The global Covid-19 pandemic has really put hand hygiene in the spotlight. Which, as a hygiene services provider, is where Initial Hygiene – part of Rentokil Initial – has always maintained it should be. NATALIE LEBLOND, category manager at the company, provides more info

Gloves can play a huge role in the prevention of cross-contamination in the food industry, and glove compliance is more easily monitored than a hand washing regime. So, in light of the Covid-19 pandemic, should all employers insist that their employees wear gloves, regardless of which sector they work in?

There is clear evidence to suggest that gloves do not always prevent pathogens from spreading: this is because gloves themselves can be the source of contamination, just like bare hands.

A study in the Journal of Food Protection, conducted in a fast-food restaurant and involving the comparison of gloved and non-gloved employees handling different foods, found the bacterial counts were consistently higher in the foods handled by gloved employees.

But why does this happen? The study notes that “the observed tendency of workers to wear the same pair of gloves for extended periods and complacency might account for the apparent failure of gloves to reduce or prevent bacterial contamination. The results further suggest that glove use might be counterproductive because workers might wash their hands less frequently when gloved.”

While these studies were conducted in food premises, the behaviours observed are applicable in a multitude of scenarios. Gloves aren’t the silver bullet to hand hygiene, which is why I suggest that, before making a decision, any employer seriously consider both the advantages and disadvantages of insisting that employees wear gloves.

There are a number of factors to take into consideration, not least the cost of providing numerous pairs of gloves per employee per day.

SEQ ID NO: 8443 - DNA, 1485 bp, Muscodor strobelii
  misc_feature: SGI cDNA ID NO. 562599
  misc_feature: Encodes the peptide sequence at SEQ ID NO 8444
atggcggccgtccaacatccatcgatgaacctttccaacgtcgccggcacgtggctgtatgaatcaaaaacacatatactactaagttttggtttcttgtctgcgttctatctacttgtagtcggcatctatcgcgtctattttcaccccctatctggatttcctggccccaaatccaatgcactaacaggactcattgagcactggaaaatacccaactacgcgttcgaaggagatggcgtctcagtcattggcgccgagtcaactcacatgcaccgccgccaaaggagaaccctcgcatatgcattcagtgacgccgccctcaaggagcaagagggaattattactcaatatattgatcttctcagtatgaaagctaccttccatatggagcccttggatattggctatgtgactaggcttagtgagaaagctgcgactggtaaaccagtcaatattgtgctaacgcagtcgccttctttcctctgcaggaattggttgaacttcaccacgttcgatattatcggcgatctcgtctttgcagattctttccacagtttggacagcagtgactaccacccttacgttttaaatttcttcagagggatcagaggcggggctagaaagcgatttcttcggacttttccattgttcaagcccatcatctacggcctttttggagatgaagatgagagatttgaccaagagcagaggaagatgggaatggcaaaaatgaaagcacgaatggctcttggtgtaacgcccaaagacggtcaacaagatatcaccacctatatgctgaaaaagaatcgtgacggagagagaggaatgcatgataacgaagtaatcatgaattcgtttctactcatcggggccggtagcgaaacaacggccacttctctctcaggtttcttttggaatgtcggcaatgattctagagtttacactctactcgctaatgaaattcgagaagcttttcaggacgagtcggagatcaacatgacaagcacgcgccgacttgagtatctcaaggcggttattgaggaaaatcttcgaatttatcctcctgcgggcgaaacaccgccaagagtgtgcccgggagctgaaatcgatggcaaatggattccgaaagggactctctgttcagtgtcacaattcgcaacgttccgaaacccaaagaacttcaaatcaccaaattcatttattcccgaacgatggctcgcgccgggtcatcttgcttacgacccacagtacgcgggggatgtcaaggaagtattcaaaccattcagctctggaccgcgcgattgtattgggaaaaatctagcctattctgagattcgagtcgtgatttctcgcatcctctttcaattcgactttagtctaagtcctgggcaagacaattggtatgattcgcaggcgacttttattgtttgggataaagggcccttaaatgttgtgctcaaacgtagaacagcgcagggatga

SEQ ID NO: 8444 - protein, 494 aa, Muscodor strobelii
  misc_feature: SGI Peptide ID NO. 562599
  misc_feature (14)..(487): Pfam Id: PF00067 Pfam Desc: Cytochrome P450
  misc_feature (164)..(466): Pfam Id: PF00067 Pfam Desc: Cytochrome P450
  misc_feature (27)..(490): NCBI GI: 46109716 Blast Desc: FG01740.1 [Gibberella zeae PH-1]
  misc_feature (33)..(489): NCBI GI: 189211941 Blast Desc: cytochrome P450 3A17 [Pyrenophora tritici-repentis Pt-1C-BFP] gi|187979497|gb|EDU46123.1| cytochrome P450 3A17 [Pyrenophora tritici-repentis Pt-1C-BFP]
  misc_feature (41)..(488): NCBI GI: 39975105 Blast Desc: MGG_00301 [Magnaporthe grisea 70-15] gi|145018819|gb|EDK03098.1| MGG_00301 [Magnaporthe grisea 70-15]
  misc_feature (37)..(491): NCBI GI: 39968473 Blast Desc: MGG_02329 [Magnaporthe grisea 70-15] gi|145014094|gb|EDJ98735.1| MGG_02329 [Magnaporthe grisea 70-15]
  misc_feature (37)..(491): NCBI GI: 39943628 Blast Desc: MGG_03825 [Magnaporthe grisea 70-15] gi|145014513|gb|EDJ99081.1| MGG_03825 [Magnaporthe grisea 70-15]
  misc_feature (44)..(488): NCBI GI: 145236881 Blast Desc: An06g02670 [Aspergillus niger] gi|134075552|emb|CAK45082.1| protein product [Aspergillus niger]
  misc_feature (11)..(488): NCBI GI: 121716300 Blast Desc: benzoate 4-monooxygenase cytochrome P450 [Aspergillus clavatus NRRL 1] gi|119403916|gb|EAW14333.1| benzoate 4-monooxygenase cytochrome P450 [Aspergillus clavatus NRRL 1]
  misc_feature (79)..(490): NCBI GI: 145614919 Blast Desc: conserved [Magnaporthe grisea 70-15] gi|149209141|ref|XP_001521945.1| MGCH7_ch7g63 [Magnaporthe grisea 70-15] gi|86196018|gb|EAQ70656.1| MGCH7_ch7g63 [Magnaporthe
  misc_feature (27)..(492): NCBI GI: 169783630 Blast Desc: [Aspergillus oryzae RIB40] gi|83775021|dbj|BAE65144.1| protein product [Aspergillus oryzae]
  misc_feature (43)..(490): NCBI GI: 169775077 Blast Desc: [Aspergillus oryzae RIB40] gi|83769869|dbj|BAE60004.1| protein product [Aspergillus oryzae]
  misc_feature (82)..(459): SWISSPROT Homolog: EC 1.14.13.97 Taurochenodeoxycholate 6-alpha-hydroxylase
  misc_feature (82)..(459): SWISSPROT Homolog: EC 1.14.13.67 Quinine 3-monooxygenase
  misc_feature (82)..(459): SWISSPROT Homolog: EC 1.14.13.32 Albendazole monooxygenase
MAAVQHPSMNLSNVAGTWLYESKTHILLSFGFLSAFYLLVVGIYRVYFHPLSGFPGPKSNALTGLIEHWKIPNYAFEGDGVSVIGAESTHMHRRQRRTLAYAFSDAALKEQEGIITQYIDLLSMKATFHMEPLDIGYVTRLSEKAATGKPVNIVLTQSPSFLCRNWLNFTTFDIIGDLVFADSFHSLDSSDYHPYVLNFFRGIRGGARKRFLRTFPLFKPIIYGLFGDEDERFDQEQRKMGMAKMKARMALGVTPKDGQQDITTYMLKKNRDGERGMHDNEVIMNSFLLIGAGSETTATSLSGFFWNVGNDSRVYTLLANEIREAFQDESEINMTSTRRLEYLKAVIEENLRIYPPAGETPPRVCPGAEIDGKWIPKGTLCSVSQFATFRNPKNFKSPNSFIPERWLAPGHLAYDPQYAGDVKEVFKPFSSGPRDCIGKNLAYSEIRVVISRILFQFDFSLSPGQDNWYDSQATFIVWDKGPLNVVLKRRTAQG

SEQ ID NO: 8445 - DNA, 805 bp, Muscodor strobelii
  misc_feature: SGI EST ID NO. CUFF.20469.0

Advantages of wearing gloves:

  Customer reassurance, satisfaction and perception (especially if you are a food manufacturer);

  They act as an extra layer over hands to protect employees against pathogenic organisms;

  They can be useful if someone returns to work and is recovering from a virus;

  Compliance is easily monitored;

  They protect sensitive hands; and

  They improve hand grip.

Disadvantages of wearing gloves:

  The wrong-sized glove could tear or puncture leading to contamination;

  Gloves may become contaminated themselves and can cause cross-contamination;

  They can create a sense of false security in the mind of the wearer;

  They may not be changed frequently enough; and

  They are expensive, leading to an increase in business costs.

For managers who do decide to implement a “gloves on” policy, there are some guidelines to try and minimise the issues found in the study:

  Create a glove policy and train employees on glove standard operating procedures;

  Wash and sanitise hands before putting on gloves;

  Remove contaminated gloves and replace with fresh ones when moving between surfaces or foods;

  Change gloves immediately after the contaminated material is touched;

  Do not reuse disposable gloves;

  Always dispose of gloves before using the restroom;

  Understand which type of gloves are best suited for the intended purpose;

  Replace gloves every two hours to guard against possible unseen punctures; and

  Ensure that the wearing of gloves and regular hand washing and sanitising are seen as complementary activities, rather than mutually exclusive.

Even the best gloves are no substitute for regular, thorough hand washing, which is essential to help minimise the spread of viruses like Covid-19. Visit for free handwashing tools and materials for your business or subscribe to our blog for regular hygiene updates and insights.

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